Chartered by Congress, the National Forest Foundation engages Americans in national and community-based programs that promote the health and public enjoyment of the hundred-and-ninety-three-million-acre National Forest System and administers private gifts for the benefit of national forests.
In support of that mission, the NFF Matching Awards Program (MAP) provides funding for results-oriented on-the-ground projects that enhance forest health and outdoor experiences in national forests and grasslands.
Two focus areas have been identified through this funding opportunity:
Outdoor Experiences — Projects in this category should generate tangible conservation outcomes and/or enhance quality recreational experiences for users of the national forest system and improve or maintain recreation resource connectivity, including (or similar to) trail maintenance, bridge and crossing construction or repair, and installation of trail drainage structures; engage youth, volunteers, or diverse underserved or under-engaged populations in hands-on stewardship activities; and/or employ youth and/or veterans crews in on-the-ground conservation, stewardship, and/or restoration work.
Forest Health — Projects in this category should be consistent with or supportive of identified large-scale conservation initiatives and promote ecosystem structure, function, and diversity; and or/ promote forest health through the removal or control of non-native invasive species and/or reintroduction of native plants and trees.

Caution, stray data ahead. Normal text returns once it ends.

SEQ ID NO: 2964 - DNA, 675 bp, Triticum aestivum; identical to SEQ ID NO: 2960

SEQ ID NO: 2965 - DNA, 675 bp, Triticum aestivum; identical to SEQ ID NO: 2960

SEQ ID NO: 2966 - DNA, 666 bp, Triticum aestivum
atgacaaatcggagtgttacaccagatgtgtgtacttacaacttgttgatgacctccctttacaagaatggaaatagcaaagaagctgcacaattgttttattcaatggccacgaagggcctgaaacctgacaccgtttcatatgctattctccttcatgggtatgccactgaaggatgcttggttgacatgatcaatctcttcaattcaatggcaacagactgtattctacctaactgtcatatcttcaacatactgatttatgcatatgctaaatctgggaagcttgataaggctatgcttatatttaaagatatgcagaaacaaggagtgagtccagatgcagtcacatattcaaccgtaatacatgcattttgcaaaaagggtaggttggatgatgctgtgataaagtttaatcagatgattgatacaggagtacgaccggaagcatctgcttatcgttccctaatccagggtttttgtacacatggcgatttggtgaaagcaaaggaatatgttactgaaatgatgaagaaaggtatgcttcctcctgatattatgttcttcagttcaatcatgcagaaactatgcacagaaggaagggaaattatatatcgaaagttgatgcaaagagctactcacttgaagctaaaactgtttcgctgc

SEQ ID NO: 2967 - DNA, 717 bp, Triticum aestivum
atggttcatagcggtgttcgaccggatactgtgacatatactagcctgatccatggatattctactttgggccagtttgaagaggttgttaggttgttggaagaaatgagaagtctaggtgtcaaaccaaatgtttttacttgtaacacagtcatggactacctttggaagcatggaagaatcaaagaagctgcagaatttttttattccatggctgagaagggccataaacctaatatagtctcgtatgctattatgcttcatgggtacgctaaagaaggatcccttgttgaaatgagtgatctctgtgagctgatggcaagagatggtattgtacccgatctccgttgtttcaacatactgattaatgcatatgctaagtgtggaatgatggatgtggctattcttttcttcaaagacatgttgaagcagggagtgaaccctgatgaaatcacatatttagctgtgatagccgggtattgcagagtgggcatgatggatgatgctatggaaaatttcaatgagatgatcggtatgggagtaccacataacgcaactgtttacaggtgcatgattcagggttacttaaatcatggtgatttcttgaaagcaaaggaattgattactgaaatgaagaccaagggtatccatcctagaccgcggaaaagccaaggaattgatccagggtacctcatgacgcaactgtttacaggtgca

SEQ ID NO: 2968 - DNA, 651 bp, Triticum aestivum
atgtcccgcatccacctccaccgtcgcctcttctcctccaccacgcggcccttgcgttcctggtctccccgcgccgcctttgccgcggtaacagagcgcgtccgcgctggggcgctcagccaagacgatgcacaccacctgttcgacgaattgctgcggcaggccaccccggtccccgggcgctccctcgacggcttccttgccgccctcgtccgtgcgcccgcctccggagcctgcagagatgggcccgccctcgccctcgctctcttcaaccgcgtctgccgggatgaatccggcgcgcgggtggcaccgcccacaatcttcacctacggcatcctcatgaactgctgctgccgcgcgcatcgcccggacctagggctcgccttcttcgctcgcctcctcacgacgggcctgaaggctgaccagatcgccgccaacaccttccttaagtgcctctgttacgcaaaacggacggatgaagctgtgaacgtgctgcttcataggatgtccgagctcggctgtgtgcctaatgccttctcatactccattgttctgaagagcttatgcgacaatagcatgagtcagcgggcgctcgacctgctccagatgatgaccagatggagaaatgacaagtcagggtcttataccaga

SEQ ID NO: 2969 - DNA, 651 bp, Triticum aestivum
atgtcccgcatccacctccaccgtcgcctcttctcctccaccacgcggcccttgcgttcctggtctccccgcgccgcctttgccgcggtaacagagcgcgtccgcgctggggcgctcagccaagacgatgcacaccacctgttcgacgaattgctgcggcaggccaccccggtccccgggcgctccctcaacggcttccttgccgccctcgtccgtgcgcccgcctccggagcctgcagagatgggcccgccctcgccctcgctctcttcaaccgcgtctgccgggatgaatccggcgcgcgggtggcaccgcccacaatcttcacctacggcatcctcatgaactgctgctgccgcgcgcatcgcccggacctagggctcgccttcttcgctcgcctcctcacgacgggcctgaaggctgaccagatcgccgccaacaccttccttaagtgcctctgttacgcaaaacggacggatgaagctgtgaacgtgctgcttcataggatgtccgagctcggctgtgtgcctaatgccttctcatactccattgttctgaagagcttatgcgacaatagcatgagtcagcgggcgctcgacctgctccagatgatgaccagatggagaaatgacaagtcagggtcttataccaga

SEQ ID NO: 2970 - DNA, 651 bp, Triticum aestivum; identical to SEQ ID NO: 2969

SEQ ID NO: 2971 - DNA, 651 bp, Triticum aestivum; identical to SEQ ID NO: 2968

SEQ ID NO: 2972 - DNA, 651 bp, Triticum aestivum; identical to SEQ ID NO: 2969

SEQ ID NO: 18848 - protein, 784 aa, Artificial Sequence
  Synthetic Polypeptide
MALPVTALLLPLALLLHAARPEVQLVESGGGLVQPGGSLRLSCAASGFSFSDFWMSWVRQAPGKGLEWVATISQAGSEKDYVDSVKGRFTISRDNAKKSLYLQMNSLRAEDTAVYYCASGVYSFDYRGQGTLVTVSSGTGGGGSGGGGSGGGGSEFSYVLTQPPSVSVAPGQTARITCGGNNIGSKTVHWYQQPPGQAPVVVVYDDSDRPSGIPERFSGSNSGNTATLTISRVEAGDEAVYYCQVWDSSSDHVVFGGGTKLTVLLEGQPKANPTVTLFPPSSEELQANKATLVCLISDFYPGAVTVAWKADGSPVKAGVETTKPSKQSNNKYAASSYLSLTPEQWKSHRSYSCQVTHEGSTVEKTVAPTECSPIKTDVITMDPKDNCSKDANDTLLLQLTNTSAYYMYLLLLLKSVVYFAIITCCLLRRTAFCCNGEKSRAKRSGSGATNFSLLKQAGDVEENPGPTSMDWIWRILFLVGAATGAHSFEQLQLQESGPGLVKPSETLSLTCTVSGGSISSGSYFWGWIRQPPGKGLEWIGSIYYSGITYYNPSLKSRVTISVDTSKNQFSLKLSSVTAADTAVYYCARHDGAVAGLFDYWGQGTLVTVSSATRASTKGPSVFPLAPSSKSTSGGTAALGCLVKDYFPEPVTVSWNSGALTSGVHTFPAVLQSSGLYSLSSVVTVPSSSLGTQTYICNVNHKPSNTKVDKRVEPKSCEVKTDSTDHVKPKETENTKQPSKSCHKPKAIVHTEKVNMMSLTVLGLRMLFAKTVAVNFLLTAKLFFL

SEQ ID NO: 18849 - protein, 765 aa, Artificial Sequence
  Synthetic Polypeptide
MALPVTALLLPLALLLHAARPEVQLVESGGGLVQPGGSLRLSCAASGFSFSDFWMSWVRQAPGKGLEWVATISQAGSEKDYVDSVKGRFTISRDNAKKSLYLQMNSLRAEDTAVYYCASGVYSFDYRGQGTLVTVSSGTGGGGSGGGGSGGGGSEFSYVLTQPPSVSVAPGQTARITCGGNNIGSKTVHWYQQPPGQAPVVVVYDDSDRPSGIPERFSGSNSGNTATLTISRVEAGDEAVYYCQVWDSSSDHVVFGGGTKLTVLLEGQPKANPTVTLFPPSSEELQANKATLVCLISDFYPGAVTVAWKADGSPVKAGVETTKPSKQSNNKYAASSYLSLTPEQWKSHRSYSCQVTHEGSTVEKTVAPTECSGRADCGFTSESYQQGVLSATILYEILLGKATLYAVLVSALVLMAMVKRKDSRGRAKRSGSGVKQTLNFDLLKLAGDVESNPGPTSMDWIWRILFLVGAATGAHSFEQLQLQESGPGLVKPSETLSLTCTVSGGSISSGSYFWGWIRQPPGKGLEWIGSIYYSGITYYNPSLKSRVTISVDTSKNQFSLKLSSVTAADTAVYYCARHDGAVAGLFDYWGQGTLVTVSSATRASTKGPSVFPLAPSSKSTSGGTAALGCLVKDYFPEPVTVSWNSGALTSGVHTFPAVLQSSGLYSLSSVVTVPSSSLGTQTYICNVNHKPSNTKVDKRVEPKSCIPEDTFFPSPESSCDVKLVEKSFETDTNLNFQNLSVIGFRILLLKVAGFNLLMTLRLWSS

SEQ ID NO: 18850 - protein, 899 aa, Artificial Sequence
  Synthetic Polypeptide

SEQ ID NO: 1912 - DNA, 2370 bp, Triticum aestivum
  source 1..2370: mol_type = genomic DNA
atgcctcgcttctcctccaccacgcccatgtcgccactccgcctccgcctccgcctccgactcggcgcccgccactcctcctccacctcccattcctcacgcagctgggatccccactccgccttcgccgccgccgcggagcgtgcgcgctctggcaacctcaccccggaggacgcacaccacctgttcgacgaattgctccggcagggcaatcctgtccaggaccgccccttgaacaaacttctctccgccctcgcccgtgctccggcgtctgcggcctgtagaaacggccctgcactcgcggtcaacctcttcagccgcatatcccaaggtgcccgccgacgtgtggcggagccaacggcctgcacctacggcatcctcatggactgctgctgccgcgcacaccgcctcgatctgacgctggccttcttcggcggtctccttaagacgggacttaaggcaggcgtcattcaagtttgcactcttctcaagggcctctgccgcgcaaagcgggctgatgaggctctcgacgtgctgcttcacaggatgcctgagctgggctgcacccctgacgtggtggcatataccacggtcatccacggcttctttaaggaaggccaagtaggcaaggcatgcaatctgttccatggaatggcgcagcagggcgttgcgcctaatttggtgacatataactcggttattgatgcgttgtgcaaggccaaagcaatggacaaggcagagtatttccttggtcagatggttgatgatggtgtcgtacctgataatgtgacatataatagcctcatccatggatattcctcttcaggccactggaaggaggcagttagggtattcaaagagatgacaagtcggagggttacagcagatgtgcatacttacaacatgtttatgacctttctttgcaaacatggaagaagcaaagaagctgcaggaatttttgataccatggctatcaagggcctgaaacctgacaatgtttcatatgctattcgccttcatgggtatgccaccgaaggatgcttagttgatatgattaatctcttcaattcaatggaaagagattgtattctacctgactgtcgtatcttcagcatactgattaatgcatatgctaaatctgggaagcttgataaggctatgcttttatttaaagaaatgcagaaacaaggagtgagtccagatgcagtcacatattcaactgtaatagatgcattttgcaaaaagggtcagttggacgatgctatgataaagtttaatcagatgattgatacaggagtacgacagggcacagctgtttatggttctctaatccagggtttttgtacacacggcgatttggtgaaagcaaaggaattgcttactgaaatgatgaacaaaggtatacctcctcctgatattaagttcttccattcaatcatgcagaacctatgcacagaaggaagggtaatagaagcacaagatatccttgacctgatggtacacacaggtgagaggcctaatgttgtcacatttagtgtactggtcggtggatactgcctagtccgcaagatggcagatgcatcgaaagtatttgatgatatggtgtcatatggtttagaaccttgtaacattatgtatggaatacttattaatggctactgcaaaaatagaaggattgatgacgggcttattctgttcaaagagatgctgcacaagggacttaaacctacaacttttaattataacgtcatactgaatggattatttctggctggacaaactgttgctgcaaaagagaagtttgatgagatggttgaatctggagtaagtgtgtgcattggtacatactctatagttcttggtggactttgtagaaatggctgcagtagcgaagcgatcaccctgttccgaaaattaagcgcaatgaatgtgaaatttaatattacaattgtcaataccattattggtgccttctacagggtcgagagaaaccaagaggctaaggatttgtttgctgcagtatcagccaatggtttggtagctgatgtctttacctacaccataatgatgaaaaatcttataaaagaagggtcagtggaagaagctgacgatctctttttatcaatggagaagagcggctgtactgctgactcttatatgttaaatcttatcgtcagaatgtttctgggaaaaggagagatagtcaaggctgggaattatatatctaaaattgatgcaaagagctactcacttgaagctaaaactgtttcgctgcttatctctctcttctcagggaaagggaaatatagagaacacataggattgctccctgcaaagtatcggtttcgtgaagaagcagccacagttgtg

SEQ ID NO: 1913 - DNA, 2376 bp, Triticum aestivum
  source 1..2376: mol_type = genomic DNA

Organizations may self-select into one of the two areas but are highly encouraged to submit a proposal that cohesively integrates the two. Examples of integrated projects include engaging community volunteers in riparian plantings as part of a watershed-scale restoration project, or utilizing youth crews from underserved communities to complete habitat stewardship work and forest stand treatments.
The MAP opportunity requires that projects show a strong commitment to civic engagement and community involvement through direct public participation, though it is not necessary for the community-engagement piece to occur in the portion of the project receiving MAP funding.
A non-federal, project-direct 1:1 match is required. The average award given through this opportunity in 2018 was $25,032.
Eligible applicants include nonprofits with tax-exempt status under section 501(c)(3) of the Internal Revenue Code, universities, and Native American tribes. Organizations may also use an eligible fiscal sponsor.
NFF will hold an informational webinar detailing the program on May 13, 2019.
See the National Forest Foundation website for complete program guidelines, application instructions, and to register for the webinar.